CANADA FX DEBT-C$ slumps to 14-month low after U.S. sets lumber duties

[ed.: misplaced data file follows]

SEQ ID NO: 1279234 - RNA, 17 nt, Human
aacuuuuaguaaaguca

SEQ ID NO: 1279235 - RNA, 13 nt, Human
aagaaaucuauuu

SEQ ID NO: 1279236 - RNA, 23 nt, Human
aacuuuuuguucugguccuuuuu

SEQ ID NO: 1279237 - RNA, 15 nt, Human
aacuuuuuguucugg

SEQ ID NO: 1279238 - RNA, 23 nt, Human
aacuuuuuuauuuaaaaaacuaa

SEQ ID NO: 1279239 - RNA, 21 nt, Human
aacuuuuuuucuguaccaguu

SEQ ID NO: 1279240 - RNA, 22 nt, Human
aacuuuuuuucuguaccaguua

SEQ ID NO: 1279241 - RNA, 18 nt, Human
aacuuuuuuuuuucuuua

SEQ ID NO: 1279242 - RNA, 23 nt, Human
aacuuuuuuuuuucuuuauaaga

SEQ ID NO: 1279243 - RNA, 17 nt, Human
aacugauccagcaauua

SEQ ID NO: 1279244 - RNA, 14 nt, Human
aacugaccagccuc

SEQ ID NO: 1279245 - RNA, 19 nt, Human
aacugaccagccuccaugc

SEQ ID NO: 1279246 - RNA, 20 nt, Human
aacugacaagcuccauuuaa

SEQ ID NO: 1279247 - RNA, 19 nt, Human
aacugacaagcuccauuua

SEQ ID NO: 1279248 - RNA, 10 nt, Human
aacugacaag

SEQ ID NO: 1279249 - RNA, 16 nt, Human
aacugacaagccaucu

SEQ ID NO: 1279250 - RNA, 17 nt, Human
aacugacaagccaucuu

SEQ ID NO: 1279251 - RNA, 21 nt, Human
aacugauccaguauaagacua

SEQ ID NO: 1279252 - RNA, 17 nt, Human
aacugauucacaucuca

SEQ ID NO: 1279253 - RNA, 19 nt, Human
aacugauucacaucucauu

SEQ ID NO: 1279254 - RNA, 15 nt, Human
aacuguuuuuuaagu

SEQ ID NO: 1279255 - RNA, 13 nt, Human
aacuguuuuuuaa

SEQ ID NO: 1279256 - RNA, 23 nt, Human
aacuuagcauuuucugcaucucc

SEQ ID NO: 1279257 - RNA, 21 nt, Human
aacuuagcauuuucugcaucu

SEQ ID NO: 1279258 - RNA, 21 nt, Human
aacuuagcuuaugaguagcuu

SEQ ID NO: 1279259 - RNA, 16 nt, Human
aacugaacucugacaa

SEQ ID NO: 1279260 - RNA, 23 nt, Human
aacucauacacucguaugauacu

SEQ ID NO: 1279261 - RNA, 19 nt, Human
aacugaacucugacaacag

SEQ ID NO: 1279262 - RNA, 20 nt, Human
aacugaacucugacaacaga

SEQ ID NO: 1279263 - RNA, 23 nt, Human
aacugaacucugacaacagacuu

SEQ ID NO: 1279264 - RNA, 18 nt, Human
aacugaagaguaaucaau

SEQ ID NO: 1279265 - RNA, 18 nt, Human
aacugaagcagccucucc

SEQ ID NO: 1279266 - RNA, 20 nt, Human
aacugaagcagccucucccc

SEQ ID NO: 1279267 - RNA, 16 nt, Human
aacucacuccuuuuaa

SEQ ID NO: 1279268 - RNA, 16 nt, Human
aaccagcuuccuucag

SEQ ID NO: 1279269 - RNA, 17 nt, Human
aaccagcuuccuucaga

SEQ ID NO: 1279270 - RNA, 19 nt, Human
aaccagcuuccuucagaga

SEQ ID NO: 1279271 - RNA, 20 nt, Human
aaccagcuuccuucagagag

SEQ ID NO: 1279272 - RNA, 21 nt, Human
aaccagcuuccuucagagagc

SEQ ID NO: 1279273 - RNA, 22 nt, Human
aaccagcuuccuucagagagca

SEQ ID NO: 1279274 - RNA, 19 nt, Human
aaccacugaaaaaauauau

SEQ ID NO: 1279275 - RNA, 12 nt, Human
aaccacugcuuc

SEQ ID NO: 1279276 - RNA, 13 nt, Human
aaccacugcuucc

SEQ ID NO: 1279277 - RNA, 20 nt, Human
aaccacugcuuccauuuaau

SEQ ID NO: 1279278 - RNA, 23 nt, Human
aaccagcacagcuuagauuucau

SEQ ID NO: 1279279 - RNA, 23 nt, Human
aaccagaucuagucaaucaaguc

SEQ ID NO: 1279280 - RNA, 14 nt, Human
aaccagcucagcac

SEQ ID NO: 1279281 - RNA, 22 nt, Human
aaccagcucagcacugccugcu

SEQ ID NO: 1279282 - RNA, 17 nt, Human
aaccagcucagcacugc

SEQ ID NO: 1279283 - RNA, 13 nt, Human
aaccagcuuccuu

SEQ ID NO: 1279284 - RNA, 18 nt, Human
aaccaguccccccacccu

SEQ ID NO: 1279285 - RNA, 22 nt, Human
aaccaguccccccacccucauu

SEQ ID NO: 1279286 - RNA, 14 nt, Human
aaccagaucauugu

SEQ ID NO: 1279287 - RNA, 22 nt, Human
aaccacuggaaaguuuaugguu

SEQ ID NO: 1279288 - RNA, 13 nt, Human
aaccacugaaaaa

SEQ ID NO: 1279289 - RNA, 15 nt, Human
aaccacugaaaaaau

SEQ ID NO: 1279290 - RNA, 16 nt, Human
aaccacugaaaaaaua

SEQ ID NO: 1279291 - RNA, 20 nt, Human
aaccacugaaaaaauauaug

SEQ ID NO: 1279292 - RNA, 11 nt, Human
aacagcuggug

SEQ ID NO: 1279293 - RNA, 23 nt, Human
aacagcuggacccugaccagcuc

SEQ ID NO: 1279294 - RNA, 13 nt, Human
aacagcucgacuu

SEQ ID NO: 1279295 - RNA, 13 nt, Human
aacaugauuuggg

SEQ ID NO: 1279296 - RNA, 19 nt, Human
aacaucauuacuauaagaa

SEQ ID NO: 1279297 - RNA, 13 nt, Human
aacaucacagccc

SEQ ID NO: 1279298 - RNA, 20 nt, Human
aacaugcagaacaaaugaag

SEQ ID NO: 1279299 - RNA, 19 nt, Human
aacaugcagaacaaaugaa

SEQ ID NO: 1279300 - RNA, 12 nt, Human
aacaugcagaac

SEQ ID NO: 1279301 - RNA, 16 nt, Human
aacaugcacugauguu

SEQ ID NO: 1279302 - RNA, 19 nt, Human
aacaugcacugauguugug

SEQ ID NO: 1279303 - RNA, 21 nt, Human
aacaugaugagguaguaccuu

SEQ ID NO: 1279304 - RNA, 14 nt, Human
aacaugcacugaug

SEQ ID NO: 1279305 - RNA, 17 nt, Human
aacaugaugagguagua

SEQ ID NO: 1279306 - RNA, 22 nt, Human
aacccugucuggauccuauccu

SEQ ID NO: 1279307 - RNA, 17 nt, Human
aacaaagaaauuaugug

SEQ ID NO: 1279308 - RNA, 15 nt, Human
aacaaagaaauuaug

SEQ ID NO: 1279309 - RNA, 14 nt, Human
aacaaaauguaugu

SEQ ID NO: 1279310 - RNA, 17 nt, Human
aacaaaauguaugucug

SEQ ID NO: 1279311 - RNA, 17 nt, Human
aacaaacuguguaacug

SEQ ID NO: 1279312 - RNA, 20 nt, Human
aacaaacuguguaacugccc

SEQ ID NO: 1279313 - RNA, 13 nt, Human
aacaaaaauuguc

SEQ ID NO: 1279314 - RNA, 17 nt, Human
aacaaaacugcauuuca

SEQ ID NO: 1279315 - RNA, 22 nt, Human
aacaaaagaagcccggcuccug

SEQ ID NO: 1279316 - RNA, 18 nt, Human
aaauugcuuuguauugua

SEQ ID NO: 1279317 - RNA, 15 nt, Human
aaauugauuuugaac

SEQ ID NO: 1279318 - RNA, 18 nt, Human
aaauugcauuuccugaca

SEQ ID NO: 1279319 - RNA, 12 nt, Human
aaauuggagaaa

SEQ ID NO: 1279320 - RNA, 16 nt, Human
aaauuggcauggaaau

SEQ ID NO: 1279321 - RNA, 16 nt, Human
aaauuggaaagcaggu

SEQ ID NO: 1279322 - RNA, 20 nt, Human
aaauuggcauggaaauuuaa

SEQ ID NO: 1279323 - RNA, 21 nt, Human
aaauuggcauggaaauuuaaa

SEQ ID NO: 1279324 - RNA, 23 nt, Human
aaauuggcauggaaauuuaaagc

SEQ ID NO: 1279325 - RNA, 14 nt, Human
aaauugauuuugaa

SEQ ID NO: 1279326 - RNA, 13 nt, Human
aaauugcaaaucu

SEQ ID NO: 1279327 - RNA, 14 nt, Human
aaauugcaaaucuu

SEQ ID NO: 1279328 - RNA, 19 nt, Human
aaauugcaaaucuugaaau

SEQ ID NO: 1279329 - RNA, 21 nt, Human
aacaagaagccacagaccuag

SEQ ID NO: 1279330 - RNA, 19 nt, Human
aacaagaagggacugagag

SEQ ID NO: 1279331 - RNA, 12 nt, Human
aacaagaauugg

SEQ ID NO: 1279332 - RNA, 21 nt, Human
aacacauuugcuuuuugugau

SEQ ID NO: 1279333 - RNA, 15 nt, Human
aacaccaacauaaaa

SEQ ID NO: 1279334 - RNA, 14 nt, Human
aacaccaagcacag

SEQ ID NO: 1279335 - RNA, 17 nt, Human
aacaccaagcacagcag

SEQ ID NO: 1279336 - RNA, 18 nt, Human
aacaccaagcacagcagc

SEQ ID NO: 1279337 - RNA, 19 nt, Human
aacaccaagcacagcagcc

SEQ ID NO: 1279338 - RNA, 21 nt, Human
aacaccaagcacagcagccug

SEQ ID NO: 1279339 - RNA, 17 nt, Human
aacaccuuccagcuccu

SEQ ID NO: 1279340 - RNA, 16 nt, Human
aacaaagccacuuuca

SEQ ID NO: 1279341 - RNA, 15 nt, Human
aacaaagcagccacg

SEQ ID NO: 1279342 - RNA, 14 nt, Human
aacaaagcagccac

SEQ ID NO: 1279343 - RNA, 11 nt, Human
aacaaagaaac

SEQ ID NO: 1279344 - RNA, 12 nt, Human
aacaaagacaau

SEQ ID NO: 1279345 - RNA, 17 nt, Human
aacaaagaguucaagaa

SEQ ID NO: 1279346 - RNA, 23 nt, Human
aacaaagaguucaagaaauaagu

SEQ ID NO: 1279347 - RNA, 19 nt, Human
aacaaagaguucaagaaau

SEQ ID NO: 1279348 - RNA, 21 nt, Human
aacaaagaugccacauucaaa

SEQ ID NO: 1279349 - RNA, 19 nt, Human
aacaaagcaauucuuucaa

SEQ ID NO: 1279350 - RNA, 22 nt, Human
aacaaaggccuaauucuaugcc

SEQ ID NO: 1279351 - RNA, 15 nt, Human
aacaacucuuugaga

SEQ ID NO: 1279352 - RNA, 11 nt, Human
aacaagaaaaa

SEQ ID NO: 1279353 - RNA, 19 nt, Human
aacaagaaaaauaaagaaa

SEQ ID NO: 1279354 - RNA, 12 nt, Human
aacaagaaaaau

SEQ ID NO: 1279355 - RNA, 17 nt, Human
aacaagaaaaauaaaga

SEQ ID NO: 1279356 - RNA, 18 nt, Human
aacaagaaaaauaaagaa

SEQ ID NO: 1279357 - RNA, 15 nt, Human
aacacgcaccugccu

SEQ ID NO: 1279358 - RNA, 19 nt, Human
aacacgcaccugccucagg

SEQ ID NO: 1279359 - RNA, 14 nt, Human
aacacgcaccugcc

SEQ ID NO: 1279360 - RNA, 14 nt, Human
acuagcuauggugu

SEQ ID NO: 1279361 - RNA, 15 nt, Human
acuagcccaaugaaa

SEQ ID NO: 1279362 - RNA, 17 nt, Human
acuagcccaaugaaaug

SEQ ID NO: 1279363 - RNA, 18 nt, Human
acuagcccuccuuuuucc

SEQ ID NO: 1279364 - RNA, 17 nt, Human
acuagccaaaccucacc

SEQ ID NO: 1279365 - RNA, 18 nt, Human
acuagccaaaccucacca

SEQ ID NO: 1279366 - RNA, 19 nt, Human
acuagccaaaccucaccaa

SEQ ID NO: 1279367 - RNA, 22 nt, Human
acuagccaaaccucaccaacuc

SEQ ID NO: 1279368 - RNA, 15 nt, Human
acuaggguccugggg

* Canadian dollar at C$1.3594, or 73.56 U.S. cents * Loonie hits a 14-month low at C$1.3615 * Bond prices lower across the yield curve TORONTO, April 25 (Reuters) - The Canadian dollar slumped to a 14-month low against its U.S. counterpart on Tuesday after the United States said it would impose preliminary anti-subsidy duties averaging 20 percent on imports of Canadian softwood lumber. The move sets a tense tone as the two countries and Mexico prepare to renegotiate the 23-year-old North American Free Trade Agreement. At 9:22 a.m. ET (1322 GMT), the Canadian dollar was trading at C$1.3594 to the greenback, or 73.56 U.S. cents, weaker than Monday's close of C$1.3516, or 73.99 U.S. cents. The currency's strongest level of the session was C$1.3498, while it touched its weakest since Feb. 25, 2016, at C$1.3615. Recent weakening in the price of oil, one of Canada's major exports, has added to pressure on the nation's currency amid doubts about the Organization of the Petroleum Exporting Countries' ability to reduce global crude inventories. U.S. crude was down 0.30 percent at $49.08 a barrel. Canadian government bond prices were lower across the yield curve in sympathy with U.S. Treasuries. The two-year fell 3.5 Canadian cents to yield 0.757 percent, and the 10-year declined 27 Canadian cents to yield 1.52 percent. Canadian retail sales data for February is due on Wednesday. (Reporting by Fergal Smith; Editing by Lisa Von Ahn)
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